Letter: Who would the authors of our Constitution consider to be patriots?

FILE - In this Jan. 6, 2021, file photo rioters try to break through a police barrier at the Capitol in Washington. Congress is set to hear from former security officials about what went wrong at the U.S. Capitol on Jan. 6. That's when when a violent mob laid siege to the Capitol and interrupted the counting of electoral votes. Three of the four testifying Tuesday resigned under pressure immediately after the attack, including the former head of the Capitol Police. Much is still unknown about the attack, and lawmakers are demanding answers. (AP Photo/John Minchillo, File)

It surprises me how many people today think they are patriots, when in fact, they are the opposite. Show me where in the U.S. Constitution it says a true patriot should choose a path of violence and storm the Capitol as a first resort to a political problem.

The authors of our Constitution knew that a democratic nation would always have problems and strong arguments. To keep the nation from falling apart every time there was a big conflict, they created a three part government (President, Congress and Supreme Court) with resilience to handle any issue. If any branch of government got out of balance or had a serious conflict (like a contested election), the authors made it the constitutional duty of the other two branches of government to resolve the issue. And they understood it is the duty of all patriots and oath keepers to support this process.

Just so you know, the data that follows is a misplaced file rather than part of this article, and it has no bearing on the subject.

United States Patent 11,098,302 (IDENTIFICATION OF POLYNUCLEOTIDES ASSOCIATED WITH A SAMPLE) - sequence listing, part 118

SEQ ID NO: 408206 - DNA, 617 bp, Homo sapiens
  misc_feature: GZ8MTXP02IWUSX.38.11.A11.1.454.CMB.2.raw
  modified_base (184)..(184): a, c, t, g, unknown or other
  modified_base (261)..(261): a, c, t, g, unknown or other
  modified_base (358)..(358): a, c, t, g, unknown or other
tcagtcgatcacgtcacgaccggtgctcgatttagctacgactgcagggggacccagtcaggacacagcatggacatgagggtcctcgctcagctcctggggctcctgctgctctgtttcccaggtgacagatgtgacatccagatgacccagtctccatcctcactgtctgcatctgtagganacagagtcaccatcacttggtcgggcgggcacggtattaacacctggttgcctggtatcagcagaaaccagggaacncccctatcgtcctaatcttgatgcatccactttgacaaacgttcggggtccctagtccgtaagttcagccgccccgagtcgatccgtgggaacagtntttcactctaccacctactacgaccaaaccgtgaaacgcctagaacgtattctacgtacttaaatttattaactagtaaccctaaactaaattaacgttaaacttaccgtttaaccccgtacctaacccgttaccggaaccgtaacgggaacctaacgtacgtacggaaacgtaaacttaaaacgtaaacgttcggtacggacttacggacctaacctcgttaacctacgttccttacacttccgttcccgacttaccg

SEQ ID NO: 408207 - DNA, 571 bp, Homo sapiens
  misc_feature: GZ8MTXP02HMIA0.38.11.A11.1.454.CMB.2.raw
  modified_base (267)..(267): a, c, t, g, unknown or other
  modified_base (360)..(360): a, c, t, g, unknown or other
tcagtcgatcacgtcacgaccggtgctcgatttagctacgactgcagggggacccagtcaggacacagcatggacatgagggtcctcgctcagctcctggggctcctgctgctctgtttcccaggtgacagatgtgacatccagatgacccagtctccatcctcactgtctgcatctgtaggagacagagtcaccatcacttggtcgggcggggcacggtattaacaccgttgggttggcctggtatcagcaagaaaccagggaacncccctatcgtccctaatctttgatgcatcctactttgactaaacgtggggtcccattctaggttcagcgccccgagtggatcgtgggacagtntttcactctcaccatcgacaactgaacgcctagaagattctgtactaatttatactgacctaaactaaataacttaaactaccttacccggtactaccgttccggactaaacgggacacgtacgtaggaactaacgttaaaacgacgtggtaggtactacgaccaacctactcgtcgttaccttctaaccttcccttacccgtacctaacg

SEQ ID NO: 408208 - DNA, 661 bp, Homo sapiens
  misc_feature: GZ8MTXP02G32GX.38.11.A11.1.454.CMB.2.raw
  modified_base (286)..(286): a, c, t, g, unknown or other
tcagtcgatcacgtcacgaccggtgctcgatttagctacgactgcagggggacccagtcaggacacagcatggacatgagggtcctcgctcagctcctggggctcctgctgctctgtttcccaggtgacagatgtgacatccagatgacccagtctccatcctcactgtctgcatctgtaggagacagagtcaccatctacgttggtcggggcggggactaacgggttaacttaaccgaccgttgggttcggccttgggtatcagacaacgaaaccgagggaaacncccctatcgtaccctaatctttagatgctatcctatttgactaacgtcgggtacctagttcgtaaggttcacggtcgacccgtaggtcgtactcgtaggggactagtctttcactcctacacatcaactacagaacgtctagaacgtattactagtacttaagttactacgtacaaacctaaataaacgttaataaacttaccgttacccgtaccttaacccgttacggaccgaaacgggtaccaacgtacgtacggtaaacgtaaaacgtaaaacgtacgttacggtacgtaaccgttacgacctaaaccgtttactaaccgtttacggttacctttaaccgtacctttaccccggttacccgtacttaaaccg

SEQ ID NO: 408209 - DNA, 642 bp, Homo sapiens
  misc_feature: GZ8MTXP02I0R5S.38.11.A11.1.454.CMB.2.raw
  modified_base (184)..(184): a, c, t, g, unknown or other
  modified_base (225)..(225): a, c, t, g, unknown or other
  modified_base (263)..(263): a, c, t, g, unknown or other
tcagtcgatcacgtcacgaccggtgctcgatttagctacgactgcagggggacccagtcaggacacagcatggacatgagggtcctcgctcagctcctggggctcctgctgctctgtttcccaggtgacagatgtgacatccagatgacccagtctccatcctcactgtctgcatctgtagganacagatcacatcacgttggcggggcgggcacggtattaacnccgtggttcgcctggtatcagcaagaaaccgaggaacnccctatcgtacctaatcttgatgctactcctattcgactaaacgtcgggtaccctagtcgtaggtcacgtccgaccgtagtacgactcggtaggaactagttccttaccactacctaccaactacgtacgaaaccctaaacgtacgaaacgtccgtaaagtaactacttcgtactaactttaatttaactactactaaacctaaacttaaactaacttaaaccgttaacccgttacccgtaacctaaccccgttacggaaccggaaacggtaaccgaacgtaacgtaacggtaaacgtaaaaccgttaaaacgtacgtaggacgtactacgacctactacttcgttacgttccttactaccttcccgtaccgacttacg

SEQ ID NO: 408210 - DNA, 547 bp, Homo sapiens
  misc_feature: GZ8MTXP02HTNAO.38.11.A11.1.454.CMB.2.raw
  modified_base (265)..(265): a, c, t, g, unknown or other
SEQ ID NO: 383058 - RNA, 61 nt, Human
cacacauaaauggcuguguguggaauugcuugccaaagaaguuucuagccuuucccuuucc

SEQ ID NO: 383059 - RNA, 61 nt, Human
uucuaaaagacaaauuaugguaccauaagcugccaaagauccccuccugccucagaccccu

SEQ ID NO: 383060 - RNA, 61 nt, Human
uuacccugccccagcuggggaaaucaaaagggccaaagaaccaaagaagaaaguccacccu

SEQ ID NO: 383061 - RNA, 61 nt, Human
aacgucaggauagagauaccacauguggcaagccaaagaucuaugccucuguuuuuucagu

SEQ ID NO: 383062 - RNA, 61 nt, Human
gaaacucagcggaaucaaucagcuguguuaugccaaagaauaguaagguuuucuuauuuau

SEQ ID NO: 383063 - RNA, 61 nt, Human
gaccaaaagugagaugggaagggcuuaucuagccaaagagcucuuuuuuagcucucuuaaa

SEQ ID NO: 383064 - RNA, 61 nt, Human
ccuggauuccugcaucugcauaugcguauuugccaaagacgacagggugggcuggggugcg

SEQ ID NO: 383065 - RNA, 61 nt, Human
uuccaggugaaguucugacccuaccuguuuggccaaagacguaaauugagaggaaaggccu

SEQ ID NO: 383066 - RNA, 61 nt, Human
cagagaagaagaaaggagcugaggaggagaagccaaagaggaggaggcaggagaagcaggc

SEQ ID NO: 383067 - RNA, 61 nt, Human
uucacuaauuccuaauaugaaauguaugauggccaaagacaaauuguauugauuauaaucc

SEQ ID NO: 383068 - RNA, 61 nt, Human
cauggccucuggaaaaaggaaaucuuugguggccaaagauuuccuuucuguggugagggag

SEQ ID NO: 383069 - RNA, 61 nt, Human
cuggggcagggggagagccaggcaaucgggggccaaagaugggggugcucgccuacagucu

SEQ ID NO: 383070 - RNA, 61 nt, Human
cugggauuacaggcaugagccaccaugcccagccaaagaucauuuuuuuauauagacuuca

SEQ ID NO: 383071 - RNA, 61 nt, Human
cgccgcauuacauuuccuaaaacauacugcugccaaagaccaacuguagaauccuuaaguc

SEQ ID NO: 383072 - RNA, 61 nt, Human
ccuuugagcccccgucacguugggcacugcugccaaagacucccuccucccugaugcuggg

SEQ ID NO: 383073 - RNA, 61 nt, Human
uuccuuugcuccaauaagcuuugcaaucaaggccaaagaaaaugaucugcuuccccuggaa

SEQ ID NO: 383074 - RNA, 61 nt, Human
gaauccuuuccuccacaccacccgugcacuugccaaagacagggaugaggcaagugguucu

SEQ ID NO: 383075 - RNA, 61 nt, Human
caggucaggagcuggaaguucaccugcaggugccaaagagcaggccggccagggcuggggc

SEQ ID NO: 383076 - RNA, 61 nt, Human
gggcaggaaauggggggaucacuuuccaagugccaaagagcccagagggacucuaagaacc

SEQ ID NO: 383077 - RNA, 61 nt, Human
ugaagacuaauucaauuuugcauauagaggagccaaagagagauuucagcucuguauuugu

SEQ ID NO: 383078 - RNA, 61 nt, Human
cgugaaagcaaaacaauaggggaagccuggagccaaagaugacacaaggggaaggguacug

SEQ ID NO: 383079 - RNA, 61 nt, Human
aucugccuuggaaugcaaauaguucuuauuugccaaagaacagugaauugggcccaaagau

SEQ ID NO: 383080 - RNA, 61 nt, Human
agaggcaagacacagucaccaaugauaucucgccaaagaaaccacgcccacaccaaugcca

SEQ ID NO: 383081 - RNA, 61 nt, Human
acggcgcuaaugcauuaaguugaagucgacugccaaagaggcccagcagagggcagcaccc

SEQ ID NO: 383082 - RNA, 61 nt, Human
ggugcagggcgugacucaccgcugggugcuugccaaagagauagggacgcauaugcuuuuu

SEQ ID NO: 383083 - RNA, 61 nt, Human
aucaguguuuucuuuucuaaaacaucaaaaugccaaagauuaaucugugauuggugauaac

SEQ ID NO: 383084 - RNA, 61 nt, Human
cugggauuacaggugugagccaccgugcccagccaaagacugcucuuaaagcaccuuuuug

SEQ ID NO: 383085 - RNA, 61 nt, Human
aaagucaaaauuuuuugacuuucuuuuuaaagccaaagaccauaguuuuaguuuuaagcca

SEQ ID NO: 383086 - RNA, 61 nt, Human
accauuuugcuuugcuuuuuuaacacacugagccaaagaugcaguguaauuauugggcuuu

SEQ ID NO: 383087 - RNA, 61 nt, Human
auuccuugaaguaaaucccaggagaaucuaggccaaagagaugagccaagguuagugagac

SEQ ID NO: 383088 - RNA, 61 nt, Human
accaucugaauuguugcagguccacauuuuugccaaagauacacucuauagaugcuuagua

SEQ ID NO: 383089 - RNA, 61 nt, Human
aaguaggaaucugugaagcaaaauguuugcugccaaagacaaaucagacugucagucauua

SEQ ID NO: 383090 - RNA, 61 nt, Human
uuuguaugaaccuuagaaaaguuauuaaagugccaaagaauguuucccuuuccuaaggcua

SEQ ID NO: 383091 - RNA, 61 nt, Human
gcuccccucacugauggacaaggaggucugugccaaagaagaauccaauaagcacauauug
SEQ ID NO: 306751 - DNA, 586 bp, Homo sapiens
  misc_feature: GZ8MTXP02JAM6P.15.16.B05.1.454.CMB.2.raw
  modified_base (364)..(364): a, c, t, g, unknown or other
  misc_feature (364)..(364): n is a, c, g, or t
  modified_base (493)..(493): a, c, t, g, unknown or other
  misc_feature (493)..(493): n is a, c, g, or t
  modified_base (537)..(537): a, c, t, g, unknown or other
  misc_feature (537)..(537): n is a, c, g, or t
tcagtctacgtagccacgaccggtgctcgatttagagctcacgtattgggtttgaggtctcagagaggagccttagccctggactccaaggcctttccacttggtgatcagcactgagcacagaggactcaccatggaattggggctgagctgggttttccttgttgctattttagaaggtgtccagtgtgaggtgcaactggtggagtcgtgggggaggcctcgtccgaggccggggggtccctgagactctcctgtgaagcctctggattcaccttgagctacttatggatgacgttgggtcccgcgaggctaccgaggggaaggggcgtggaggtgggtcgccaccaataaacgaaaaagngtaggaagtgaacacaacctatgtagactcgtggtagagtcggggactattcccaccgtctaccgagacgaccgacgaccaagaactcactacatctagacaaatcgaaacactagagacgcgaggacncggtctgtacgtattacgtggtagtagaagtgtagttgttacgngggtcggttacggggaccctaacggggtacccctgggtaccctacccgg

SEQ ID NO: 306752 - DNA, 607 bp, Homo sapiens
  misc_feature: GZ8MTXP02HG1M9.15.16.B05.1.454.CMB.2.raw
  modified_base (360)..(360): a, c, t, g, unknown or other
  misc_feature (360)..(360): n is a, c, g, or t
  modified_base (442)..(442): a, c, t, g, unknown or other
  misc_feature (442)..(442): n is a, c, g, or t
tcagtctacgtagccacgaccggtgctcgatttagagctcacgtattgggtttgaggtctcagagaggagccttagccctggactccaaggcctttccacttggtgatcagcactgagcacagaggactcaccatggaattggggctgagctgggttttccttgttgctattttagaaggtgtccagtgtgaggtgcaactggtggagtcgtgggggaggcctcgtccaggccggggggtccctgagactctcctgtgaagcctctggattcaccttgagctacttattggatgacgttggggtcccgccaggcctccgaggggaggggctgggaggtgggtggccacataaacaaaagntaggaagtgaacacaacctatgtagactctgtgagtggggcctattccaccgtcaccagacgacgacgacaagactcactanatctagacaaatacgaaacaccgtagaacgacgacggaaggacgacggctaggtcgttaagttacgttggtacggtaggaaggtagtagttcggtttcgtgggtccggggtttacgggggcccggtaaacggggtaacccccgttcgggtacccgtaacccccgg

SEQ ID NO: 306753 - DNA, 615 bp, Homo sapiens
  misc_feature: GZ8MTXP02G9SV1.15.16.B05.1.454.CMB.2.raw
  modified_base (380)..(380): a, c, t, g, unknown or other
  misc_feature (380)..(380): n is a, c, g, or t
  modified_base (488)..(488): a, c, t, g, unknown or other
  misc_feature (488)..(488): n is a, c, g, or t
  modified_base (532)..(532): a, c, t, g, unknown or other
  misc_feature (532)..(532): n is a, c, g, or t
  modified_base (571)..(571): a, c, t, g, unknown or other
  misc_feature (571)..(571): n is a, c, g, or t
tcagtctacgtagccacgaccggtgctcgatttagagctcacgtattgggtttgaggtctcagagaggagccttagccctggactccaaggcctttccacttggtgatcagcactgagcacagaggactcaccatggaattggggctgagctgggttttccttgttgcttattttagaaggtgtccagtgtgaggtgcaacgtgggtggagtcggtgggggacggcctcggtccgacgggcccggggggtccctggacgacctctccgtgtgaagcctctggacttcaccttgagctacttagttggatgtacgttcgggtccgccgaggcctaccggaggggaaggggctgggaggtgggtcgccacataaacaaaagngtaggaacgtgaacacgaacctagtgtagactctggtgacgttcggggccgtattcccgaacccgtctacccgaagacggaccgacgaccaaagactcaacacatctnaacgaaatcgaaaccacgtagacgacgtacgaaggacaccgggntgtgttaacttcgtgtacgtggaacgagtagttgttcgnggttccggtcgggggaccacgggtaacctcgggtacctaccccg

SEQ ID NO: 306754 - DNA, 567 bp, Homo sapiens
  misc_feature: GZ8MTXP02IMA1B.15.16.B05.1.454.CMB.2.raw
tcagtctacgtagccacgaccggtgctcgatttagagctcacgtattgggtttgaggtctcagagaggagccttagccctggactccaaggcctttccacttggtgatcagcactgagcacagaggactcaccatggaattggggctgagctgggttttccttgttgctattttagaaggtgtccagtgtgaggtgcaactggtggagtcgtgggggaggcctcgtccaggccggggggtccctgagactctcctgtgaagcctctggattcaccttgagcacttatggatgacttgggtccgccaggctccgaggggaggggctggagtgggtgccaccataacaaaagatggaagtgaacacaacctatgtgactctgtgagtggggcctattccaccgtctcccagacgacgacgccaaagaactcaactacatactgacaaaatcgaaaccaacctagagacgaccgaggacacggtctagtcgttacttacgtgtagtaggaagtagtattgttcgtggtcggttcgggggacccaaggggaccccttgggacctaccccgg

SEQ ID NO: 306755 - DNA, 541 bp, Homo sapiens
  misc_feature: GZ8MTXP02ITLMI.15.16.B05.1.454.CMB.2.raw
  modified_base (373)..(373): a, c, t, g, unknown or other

If you have a problem with the 2020 presidential election, it is your right and your constitutional duty to go to either the Congress or the Supreme Court, to present your factual evidence and to seek resolution. This is what patriots do. If, however, you are too enraged, too lazy or too brainwashed by media pundits to support the Constitution’s methods for resolving conflict, you can form lynch mobs and storm the Capitol. That is what traitors do.

Doug Mavor, Ivins

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